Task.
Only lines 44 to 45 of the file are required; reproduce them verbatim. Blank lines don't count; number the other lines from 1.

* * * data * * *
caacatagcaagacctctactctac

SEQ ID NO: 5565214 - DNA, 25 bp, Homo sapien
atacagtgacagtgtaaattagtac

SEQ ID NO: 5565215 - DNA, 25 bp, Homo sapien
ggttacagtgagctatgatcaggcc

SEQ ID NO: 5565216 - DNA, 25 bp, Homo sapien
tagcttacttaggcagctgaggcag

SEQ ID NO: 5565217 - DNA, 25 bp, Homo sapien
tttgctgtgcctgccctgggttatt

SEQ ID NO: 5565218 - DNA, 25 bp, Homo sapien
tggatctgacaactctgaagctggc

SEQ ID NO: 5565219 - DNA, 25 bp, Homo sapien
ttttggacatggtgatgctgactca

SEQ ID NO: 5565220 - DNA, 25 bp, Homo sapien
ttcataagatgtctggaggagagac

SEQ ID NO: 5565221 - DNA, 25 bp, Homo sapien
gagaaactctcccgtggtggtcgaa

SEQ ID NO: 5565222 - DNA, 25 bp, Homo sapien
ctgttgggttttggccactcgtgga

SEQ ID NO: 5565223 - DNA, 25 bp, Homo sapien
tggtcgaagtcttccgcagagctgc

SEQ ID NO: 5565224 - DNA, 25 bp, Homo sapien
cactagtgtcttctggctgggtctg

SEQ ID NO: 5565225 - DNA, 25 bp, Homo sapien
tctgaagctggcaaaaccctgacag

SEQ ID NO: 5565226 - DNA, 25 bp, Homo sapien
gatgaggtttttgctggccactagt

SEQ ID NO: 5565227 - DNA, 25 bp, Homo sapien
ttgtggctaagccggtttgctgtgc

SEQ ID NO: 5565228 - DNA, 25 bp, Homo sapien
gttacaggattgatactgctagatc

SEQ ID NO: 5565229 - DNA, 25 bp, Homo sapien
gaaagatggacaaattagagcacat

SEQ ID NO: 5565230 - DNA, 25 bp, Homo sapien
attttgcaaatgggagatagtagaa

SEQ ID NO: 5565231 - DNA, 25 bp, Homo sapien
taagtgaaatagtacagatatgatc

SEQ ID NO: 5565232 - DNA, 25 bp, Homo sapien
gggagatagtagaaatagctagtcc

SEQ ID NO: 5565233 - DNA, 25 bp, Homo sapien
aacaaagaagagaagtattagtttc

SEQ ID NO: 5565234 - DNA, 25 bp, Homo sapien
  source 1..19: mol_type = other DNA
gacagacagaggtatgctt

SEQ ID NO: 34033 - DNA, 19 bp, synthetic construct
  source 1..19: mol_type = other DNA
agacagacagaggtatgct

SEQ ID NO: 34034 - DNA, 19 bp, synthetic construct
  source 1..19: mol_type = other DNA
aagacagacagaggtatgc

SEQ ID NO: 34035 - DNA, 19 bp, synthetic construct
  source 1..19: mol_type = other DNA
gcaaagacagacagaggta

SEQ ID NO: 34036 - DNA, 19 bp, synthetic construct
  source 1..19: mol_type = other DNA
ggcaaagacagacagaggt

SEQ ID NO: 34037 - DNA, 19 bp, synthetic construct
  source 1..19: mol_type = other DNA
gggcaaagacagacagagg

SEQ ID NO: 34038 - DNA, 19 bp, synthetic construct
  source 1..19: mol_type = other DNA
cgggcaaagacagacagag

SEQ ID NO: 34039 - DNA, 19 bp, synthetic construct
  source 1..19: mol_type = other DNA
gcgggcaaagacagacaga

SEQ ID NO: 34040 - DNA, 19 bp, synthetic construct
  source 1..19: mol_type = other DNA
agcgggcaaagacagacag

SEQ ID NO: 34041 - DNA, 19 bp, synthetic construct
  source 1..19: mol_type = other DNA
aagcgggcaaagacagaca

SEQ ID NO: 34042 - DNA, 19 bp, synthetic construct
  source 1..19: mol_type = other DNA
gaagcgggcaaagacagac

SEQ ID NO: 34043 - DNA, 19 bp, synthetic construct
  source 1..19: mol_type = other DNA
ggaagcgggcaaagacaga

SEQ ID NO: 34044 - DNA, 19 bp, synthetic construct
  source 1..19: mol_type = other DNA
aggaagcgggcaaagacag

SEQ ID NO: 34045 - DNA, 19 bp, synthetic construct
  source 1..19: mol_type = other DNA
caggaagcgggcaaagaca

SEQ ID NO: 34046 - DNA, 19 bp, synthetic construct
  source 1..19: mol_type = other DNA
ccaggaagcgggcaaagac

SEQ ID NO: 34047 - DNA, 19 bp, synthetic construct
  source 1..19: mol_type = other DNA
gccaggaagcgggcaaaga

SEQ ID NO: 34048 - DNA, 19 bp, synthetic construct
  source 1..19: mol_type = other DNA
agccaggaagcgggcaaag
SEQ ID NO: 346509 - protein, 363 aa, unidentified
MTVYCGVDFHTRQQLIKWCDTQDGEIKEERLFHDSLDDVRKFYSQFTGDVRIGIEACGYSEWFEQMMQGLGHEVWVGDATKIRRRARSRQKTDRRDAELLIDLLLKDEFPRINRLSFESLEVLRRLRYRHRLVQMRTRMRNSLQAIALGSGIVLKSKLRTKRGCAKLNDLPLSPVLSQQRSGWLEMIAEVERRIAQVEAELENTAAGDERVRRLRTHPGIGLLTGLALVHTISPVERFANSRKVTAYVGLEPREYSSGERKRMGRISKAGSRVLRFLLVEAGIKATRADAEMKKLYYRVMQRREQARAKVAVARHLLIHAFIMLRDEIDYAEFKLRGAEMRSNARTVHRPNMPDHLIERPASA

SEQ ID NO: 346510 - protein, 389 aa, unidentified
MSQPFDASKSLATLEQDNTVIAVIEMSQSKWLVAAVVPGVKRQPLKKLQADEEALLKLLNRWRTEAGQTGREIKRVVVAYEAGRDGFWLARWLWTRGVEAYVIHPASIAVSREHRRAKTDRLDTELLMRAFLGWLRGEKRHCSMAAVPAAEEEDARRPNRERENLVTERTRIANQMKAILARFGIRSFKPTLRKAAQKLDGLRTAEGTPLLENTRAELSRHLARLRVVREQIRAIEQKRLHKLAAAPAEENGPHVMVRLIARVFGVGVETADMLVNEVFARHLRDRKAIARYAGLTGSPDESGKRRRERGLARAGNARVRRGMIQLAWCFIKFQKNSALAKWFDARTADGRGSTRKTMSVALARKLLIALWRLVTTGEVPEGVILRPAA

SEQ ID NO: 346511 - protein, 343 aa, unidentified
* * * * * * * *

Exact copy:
gacagacagaggtatgctt

SEQ ID NO: 34033 - DNA, 19 bp, synthetic construct